Posts Tagged 'mesocosm'

Global warming offsets the ecophysiological stress of ocean acidification on temperate crustose coralline algae

Highlights

•The ecological risk of climate change on temperate CCA has been assessed by mesocosm.

•Future change in carbonate chemistry has led to ecophysiological change of CCA.

•Oxygenic photosynthesis and growth decreased under acidified seawater.

•Negative metabolic changes in ocean acidification were offset by elevated temperature.

Abstract

Dramatic increases in the release of anthropogenic CO2 and global temperatures have resulted in alterations to seawater carbonate chemistry and metabolisms of marine organisms. There has been recent interest in the effects of these stressors on crustose coralline algae (CCA) because photosynthesis and calcification are influenced by all components of carbonate chemistry. To examine this, a mesocosm experiment was conducted to evaluate photosynthesis, calcification and growth in the temperate CCA Chamberlainium sp. under acidification (doubled CO2), warming (+5 °C), and greenhouse (doubled CO2 and +5 °C) conditions compared to present-day conditions. After 47 days of acclimation to these conditions, productivity was lowest under acidification, although photochemical properties were improved, while respiration was highest under warming. Likewise, growth was lowest under acidification, but this negative response was offset by elevated temperature under greenhouse. Together, these results suggest that warming offsets the negative effects of acidification by creating more suitable conditions for photosynthesis and growth.

Continue reading ‘Global warming offsets the ecophysiological stress of ocean acidification on temperate crustose coralline algae’

Decreased motility of flagellated microalgae long-term acclimated to CO2-induced acidified waters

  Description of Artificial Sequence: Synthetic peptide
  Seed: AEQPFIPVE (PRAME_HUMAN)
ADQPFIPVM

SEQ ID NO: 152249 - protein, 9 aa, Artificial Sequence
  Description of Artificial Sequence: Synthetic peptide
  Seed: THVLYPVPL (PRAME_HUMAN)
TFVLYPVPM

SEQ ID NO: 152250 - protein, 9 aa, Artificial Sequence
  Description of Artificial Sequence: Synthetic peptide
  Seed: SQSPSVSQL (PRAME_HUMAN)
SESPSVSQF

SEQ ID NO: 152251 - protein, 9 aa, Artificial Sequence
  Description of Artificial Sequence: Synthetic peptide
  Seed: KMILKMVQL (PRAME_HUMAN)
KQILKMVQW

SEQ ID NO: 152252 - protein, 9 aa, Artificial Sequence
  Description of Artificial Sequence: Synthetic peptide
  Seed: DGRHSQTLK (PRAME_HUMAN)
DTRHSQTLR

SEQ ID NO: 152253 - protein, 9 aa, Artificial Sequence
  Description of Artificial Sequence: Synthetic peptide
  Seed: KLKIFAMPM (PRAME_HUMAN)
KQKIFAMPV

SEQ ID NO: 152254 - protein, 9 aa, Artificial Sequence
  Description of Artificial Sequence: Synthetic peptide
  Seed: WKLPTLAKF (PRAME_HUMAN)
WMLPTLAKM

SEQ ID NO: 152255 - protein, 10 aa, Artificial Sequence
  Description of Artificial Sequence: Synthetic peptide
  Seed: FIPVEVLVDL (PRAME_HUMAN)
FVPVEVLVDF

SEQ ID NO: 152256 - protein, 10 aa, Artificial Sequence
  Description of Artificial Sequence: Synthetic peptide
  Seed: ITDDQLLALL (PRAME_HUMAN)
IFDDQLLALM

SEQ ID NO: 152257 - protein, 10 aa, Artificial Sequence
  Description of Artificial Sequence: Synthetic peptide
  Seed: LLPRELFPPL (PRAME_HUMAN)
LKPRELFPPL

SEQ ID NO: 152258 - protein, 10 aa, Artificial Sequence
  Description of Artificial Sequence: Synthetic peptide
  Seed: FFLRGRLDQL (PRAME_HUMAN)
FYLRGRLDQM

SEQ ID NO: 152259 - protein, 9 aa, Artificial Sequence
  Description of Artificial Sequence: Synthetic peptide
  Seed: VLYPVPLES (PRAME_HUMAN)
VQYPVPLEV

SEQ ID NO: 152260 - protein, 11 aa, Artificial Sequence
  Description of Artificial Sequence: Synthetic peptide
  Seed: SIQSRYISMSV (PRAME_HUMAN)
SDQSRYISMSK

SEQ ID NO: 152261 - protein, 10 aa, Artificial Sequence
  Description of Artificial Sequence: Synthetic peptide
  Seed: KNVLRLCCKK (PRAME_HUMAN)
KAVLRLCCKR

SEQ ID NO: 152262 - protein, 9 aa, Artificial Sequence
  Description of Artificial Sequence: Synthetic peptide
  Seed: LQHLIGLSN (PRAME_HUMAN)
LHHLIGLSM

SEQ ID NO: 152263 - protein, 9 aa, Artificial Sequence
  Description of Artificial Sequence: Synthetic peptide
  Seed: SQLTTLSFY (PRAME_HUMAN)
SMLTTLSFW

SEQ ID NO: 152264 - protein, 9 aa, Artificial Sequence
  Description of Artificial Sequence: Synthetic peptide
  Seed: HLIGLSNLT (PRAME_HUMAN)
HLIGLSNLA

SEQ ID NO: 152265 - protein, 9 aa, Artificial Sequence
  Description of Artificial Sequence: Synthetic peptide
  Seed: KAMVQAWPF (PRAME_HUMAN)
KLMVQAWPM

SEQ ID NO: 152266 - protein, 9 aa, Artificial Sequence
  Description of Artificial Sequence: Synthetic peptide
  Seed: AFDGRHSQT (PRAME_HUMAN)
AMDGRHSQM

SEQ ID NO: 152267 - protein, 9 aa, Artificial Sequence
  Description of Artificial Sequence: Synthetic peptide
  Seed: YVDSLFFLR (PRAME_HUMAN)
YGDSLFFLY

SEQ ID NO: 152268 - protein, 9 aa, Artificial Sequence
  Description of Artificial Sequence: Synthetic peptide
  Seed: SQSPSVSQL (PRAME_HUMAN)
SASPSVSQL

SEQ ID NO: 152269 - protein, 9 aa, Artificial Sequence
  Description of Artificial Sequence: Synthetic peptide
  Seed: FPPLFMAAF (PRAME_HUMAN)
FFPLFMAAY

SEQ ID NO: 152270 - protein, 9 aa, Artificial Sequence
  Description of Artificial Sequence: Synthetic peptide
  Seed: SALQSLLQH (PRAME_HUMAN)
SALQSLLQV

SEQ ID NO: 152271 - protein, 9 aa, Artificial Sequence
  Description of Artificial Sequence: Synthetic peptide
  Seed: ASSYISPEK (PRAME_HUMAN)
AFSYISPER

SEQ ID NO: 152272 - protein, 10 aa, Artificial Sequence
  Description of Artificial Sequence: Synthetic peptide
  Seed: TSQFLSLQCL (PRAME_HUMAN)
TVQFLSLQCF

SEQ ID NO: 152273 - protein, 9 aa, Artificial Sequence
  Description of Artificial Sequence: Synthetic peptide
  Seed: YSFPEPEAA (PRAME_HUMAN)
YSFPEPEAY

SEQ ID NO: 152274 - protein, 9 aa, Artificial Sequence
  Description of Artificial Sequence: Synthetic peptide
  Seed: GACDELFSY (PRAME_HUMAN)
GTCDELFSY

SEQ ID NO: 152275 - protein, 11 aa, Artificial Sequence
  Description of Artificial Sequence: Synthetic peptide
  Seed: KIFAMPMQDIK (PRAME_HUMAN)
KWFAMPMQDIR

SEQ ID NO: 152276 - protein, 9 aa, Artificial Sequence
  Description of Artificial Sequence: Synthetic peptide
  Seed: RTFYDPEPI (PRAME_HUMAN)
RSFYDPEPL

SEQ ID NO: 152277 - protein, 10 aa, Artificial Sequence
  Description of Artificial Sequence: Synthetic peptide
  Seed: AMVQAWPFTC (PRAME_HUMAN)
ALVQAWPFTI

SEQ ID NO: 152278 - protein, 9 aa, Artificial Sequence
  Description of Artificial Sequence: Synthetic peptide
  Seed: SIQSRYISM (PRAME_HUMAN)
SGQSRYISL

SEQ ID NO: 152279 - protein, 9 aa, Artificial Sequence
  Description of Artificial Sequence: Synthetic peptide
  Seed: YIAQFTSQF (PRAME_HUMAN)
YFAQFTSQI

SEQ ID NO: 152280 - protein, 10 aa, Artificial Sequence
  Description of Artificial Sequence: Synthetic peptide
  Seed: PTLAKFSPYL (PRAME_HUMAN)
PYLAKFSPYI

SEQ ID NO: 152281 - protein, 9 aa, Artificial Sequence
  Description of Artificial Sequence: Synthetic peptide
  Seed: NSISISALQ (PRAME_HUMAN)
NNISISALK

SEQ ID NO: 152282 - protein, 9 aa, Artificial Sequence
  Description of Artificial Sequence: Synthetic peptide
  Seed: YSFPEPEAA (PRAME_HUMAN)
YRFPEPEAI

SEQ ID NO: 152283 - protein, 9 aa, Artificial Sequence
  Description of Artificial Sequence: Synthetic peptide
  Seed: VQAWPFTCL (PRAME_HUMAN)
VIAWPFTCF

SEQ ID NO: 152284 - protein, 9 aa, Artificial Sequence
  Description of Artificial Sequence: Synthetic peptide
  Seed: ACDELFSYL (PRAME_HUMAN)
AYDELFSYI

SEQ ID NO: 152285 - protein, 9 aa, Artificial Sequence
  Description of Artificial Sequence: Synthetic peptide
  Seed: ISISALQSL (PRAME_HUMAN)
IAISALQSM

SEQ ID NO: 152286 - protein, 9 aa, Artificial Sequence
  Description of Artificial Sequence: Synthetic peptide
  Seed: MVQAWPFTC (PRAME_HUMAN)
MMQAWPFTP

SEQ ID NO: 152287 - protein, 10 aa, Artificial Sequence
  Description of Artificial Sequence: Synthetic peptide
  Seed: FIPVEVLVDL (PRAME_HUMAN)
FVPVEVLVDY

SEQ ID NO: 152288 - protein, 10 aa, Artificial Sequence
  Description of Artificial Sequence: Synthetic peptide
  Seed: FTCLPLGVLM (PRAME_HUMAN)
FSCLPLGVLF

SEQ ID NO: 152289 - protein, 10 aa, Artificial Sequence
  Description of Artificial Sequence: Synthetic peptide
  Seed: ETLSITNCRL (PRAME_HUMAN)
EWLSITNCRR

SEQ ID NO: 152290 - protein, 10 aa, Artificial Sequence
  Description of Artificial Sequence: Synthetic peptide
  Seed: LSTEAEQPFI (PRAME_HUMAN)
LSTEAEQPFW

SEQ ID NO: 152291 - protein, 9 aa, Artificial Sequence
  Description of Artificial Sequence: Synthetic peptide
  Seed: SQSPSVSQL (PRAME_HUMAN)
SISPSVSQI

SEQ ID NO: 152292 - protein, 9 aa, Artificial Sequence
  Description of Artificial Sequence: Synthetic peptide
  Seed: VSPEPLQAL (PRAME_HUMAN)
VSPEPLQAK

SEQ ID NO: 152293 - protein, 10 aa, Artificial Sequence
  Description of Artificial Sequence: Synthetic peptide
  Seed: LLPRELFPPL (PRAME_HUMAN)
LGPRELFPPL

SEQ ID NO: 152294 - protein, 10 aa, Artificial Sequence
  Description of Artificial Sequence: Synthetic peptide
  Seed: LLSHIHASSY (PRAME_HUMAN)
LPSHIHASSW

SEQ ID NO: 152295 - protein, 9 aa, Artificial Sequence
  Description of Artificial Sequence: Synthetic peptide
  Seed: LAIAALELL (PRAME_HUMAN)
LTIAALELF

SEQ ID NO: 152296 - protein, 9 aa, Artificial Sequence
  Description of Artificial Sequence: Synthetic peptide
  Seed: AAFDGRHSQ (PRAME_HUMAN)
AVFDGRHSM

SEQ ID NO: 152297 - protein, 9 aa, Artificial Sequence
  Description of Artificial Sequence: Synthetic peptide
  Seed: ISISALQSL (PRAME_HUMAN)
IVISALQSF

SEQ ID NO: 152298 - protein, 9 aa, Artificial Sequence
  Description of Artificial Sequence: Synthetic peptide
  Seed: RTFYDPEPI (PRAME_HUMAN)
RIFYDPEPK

Motility plays a critical role in algal survival and reproduction, with implications for aquatic ecosystem stability. However, the effect of elevated CO2 on marine, brackish and freshwater algal motility is unclear. Here we show, using laboratory microscale and field mesoscale experiments, that three typical phytoplankton species had decreased motility with increased CO2. Polar marine Microglena sp., euryhaline Dunaliella salina and freshwater Chlamydomonas reinhardtii were grown under different CO2 concentrations for 5 years. Long-term acclimated Microglena sp. showed substantially decreased photo-responses in all treatments, with a photophobic reaction affecting intracellular calcium concentration. Genes regulating flagellar movement were significantly downregulated (P < 0.05), alongside a significant increase in gene expression for flagellar shedding (P < 0.05). D. salina and C. reinhardtii showed similar results, suggesting that motility changes are common across flagellated species. As the flagella structure and bending mechanism are conserved from unicellular organisms to vertebrates, these results suggest that increasing surface water CO2 concentrations may affect flagellated cells from algae to fish.

Continue reading ‘Decreased motility of flagellated microalgae long-term acclimated to CO2-induced acidified waters’

Warming and acidification threaten glass sponge Aphrocallistes vastus pumping and reef formation

The glass sponge Aphrocallistes vastus contributes to the formation of large reefs unique to the Northeast Pacific Ocean. These habitats have tremendous filtration capacity that facilitates flow of carbon between trophic levels. Their sensitivity and resilience to climate change, and thus persistence in the Anthropocene, is unknown. Here we show that ocean acidification and warming, alone and in combination have significant adverse effects on pumping capacity, contribute to irreversible tissue withdrawal, and weaken skeletal strength and stiffness of A. vastus. Within one month sponges exposed to warming (including combined treatment) ceased pumping (50–60%) and exhibited tissue withdrawal (10–25%). Thermal and acidification stress significantly reduced skeletal stiffness, and warming weakened it, potentially curtailing reef formation. Environmental data suggests conditions causing irreversible damage are possible in the field at +0.5 °C above current conditions, indicating that ongoing climate change is a serious and immediate threat to A. vastus, reef dependent communities, and potentially other glass sponges.